Ergonomic Standing Desks and Chairs

"Best Standing Desk" - Techradar, for 3 Years Running | Free Shipping | 30 Day Free Returns

5 Best Practices to Prevent RSI When Working from Home

23 November 2023

Remote working is on the rise more than ever before. Today, an increasing number of employees with desk jobs enjoy the freedom and flexibility of working from home. But the luxury of working from home often comes with a few costs. While most individuals working from home do not realize the cost until they start feeling undesirable effects of remote working, such as repetitive strain injury (RSI).

When you work from home, you often choose your preferred position that appears to be most comfortable for you. However, your favorite work-from-home spot, such as your couch or kitchen stool, may not always be the more ergonomic work setup which is why it is common to experience health concerns. While occasional work from home in a setup that is not ergonomically designed won't bother you but if it's an everyday practice where you have to slouch on your bed, your arms, neck, and back won't forgive you for this. Worse yet, these working-from-home setups are vulnerable to a particular kind of injury known as repetitive stress injury (RSI). RSI can cause discomfort and pain and impact your productivity and overall quality of life.

If you are working from home, you need to be aware of what physical effects your work setup can have on you, including how it can lead to repetitive stress injury. By learning about RSI and some of the best practices that can help you prevent RSI when working from home, you can make a difference in your work habits and overall quality of life.

Let's delve into what is repetitive stress injury and what are some of the best practices that can help you prevent RSI when working from home.



What is a Repetitive Strain Injury (RSI)?

As the name says, it is a type of injury resulting from repetitive motion. While the effects of RSI may appear suddenly, the condition develops over time as your body part, like your muscle, joint, or nerve, is forced into repeated motion, eventually damaging your body parts.

Several different types of RSI may result from the overuse of a specific muscle, joint, or nerve and typically fall into two categories.

Type 1 – RSI that results in the swelling of tendons and muscles and is the most common type of RSI.

Type 2 – RSI that is associated with nerve damage that results from repetitive work and related injuries.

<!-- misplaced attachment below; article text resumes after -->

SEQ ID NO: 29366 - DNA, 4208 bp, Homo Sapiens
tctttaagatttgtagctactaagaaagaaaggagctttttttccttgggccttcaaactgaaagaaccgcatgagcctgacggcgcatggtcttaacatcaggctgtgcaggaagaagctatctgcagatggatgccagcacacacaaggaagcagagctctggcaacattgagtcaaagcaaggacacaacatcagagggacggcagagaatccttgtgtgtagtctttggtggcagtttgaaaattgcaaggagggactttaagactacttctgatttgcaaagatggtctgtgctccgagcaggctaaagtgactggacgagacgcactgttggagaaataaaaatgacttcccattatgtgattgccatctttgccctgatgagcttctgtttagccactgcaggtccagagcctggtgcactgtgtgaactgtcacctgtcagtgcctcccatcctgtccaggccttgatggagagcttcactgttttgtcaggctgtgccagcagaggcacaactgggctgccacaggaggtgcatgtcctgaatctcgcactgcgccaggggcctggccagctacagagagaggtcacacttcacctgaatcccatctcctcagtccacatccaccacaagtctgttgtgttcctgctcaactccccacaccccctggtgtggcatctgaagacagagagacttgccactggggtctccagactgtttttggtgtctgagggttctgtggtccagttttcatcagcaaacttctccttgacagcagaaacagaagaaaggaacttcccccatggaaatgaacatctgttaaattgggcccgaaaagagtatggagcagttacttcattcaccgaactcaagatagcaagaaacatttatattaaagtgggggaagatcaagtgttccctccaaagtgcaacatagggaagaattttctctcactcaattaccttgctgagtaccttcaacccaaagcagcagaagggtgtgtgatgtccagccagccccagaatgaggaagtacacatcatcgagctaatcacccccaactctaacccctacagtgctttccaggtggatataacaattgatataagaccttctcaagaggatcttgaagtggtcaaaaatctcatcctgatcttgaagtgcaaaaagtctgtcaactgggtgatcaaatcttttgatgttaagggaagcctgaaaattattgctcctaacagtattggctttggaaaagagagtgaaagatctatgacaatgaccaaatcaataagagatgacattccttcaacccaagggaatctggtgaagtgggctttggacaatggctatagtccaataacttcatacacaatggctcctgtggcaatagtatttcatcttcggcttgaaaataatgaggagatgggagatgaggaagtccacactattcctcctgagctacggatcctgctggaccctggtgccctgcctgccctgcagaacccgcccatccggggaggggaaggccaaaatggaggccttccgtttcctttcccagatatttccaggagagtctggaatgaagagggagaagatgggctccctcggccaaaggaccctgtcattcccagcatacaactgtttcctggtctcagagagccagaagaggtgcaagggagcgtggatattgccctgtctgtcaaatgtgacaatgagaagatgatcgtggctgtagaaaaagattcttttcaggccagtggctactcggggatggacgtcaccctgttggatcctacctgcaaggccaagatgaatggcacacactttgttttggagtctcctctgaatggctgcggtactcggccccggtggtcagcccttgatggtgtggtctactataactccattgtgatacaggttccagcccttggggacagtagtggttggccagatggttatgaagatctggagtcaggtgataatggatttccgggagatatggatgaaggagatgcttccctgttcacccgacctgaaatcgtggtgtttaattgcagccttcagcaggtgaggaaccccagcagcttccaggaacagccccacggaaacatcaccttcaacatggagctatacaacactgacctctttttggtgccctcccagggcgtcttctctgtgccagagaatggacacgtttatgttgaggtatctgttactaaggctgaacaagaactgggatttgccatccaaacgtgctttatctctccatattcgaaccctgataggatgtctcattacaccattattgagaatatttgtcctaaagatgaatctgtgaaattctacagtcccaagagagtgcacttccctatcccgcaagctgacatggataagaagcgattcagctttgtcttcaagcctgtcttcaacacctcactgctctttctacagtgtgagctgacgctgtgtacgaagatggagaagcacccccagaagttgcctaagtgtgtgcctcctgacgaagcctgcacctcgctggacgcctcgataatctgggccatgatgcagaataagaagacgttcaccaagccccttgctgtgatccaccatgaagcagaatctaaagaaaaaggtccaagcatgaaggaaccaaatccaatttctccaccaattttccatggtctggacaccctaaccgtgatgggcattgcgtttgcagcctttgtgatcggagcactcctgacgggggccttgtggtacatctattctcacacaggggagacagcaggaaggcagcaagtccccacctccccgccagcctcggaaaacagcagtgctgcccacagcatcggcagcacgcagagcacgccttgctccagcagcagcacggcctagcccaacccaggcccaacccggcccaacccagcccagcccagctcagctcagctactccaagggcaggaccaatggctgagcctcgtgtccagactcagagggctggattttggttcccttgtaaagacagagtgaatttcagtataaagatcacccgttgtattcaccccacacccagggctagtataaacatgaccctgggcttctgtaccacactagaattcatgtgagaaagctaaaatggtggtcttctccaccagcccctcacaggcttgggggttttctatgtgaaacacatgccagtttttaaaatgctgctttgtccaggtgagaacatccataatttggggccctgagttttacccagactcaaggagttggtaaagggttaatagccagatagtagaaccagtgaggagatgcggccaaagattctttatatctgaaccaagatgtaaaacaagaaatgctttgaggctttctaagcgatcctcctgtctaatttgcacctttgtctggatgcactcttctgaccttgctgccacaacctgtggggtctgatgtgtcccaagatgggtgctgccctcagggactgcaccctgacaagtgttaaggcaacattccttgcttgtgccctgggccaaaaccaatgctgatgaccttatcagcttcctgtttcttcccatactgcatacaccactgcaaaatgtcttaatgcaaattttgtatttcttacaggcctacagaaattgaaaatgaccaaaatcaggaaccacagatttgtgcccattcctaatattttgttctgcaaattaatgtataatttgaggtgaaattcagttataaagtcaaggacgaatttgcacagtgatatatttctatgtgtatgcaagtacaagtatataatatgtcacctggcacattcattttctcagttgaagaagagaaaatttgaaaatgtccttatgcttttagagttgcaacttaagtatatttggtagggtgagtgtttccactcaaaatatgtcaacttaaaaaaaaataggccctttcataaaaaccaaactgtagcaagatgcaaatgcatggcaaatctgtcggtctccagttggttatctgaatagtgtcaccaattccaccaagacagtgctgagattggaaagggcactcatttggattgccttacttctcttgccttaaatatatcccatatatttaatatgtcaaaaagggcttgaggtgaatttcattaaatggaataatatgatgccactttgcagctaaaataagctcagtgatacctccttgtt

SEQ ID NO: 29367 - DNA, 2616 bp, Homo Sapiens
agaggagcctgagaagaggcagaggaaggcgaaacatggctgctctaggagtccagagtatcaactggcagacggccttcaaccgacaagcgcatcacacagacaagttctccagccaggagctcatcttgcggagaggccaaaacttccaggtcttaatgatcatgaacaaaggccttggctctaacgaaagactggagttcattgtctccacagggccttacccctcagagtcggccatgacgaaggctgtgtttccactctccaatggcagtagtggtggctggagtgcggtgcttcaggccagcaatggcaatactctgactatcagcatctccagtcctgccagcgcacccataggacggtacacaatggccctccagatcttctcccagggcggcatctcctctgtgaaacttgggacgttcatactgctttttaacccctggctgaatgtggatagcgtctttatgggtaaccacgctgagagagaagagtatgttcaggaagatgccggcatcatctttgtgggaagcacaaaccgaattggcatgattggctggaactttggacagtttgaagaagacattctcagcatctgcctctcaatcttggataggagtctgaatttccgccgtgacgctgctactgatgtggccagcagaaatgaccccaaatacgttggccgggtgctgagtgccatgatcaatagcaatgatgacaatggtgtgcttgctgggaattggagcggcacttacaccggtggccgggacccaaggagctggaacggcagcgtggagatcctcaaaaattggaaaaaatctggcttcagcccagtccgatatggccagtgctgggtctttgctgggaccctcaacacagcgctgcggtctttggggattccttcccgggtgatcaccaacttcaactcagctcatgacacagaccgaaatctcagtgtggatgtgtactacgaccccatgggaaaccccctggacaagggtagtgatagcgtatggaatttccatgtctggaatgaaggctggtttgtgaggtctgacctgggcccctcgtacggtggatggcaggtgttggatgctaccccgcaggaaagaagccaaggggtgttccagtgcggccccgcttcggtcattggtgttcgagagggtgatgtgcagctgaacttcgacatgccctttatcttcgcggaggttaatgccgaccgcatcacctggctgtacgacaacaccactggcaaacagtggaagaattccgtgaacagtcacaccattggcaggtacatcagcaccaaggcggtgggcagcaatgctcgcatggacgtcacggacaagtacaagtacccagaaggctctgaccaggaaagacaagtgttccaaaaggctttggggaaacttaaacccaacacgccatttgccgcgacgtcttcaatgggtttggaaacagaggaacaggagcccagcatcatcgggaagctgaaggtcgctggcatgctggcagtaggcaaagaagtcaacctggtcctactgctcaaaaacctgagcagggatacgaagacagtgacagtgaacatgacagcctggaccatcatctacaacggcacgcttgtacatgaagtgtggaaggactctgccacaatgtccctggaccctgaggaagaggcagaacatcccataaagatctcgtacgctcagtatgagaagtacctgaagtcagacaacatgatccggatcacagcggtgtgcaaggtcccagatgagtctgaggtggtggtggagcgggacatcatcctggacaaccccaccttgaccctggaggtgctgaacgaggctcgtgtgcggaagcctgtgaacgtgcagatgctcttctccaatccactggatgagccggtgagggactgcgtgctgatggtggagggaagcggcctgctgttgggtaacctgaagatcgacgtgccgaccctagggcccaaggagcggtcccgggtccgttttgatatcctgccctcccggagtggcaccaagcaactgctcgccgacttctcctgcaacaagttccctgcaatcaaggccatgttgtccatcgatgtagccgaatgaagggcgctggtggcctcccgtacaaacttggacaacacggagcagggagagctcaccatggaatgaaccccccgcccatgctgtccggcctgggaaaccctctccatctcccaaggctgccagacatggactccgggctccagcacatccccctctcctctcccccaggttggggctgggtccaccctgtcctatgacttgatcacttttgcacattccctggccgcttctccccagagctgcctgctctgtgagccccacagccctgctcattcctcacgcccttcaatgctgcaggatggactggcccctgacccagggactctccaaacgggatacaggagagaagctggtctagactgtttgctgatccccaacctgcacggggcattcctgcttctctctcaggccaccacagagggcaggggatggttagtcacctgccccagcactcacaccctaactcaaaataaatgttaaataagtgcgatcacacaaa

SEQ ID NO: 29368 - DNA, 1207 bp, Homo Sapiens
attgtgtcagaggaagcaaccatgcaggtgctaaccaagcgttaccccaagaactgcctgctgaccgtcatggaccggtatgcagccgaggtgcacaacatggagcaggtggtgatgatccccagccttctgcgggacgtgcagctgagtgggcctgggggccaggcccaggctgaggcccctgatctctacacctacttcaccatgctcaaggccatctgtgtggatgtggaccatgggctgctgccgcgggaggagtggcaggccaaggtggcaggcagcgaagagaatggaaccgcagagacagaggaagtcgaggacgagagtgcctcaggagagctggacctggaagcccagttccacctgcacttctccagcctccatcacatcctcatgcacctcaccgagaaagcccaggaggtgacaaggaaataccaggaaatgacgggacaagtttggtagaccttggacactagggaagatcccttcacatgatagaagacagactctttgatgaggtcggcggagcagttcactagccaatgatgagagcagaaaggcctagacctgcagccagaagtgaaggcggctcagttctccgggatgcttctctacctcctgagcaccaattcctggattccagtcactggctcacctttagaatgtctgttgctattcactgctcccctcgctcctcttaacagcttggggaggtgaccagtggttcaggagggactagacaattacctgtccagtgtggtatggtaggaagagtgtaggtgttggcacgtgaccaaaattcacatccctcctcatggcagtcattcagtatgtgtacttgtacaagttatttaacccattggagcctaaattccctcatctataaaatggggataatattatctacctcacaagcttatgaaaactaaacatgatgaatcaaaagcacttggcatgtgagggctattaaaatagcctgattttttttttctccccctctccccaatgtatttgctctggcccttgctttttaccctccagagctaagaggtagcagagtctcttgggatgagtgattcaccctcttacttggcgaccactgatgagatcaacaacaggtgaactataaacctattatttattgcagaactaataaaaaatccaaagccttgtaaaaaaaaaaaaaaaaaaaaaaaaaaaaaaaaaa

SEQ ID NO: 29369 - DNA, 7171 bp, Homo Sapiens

Some of the most common types of repetitive stress injuries associated with a desk job include the following.

Tendinitis – the swelling of a tendon following an injury,

Bursitis – the inflammation of the fluid-filled sac in your knee,

Carpal tunnel syndrome – narrowing of the passageway through which the median nerve passes resulting in pain and tingling sensation in the wrist and fingers,

Rotator cuff tendonitis – the swelling of cuff tendons.

Repetitive stress injury can cause severe pain and discomfort. Hence prevention is the key to your productivity and happiness while you work from home.

Why Working from Home Can Increase Your Risk of Repetitive Stress Injury?

If you are working from home and came across this post, look at how you are sitting right now.

You would probably be sitting on your bed or couch. Maybe even on your kitchen stool while you use your countertop as your workstation. But if you are someone who has already set up a workstation at home, it would most likely be a traditional desk and an office chair.

With your existing position in mind, imagine the kind of stress your neck and back has to experience. You are placing a certain amount of strain on your neck, shoulders, back, and hips as you work on your screen or phone. This may not be a problem in the short run, but constant strain over time can take a toll on your body and negatively impact your health and productivity.

Here are some of the most common mistakes that work-from-home professionals make, resulting in repetitive stress injuries.

Slouching over the screen,

Inappropriate keyboard and mouse placement,

Working too long without taking a break and

Typing too much and too harshly.

If you had been working this way, you would have likely experienced aches and pains. While you may be able to ignore these aches and pains for some time, if left untreated, they can quickly become serious problems that adversely affect your productivity and quality of life.